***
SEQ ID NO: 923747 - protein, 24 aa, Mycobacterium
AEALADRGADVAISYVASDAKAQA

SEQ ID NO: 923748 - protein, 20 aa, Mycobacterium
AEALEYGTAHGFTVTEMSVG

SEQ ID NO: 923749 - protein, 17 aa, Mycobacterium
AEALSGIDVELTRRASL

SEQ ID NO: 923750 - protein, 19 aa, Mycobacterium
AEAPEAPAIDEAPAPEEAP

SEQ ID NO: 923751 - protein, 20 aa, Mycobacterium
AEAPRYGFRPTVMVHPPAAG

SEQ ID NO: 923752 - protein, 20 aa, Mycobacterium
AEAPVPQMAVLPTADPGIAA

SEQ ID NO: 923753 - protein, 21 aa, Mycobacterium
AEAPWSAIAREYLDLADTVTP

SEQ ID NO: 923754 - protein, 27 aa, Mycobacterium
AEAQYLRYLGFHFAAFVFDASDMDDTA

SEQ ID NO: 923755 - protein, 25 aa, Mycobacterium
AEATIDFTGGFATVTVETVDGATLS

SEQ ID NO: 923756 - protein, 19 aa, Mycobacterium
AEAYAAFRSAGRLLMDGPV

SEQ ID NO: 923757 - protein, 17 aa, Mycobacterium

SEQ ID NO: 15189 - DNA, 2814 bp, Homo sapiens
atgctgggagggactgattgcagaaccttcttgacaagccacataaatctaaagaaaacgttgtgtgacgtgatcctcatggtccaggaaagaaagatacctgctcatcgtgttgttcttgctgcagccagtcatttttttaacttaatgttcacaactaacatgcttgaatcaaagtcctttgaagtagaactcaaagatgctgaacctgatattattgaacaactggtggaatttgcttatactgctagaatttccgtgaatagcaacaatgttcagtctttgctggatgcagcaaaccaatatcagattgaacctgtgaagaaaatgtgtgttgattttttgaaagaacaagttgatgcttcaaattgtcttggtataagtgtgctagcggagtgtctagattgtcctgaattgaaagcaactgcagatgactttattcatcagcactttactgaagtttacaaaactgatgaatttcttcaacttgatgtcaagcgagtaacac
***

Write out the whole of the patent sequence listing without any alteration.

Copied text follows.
SEQ ID NO: 923747 - protein, 24 aa, Mycobacterium
AEALADRGADVAISYVASDAKAQA

SEQ ID NO: 923748 - protein, 20 aa, Mycobacterium
AEALEYGTAHGFTVTEMSVG

SEQ ID NO: 923749 - protein, 17 aa, Mycobacterium
AEALSGIDVELTRRASL

SEQ ID NO: 923750 - protein, 19 aa, Mycobacterium
AEAPEAPAIDEAPAPEEAP

SEQ ID NO: 923751 - protein, 20 aa, Mycobacterium
AEAPRYGFRPTVMVHPPAAG

SEQ ID NO: 923752 - protein, 20 aa, Mycobacterium
AEAPVPQMAVLPTADPGIAA

SEQ ID NO: 923753 - protein, 21 aa, Mycobacterium
AEAPWSAIAREYLDLADTVTP

SEQ ID NO: 923754 - protein, 27 aa, Mycobacterium
AEAQYLRYLGFHFAAFVFDASDMDDTA

SEQ ID NO: 923755 - protein, 25 aa, Mycobacterium
AEATIDFTGGFATVTVETVDGATLS

SEQ ID NO: 923756 - protein, 19 aa, Mycobacterium
AEAYAAFRSAGRLLMDGPV

SEQ ID NO: 923757 - protein, 17 aa, Mycobacterium

SEQ ID NO: 15189 - DNA, 2814 bp, Homo sapiens
atgctgggagggactgattgcagaaccttcttgacaagccacataaatctaaagaaaacgttgtgtgacgtgatcctcatggtccaggaaagaaagatacctgctcatcgtgttgttcttgctgcagccagtcatttttttaacttaatgttcacaactaacatgcttgaatcaaagtcctttgaagtagaactcaaagatgctgaacctgatattattgaacaactggtggaatttgcttatactgctagaatttccgtgaatagcaacaatgttcagtctttgctggatgcagcaaaccaatatcagattgaacctgtgaagaaaatgtgtgttgattttttgaaagaacaagttgatgcttcaaattgtcttggtataagtgtgctagcggagtgtctagattgtcctgaattgaaagcaactgcagatgactttattcatcagcactttactgaagtttacaaaactgatgaatttcttcaacttgatgtcaagcgagtaacac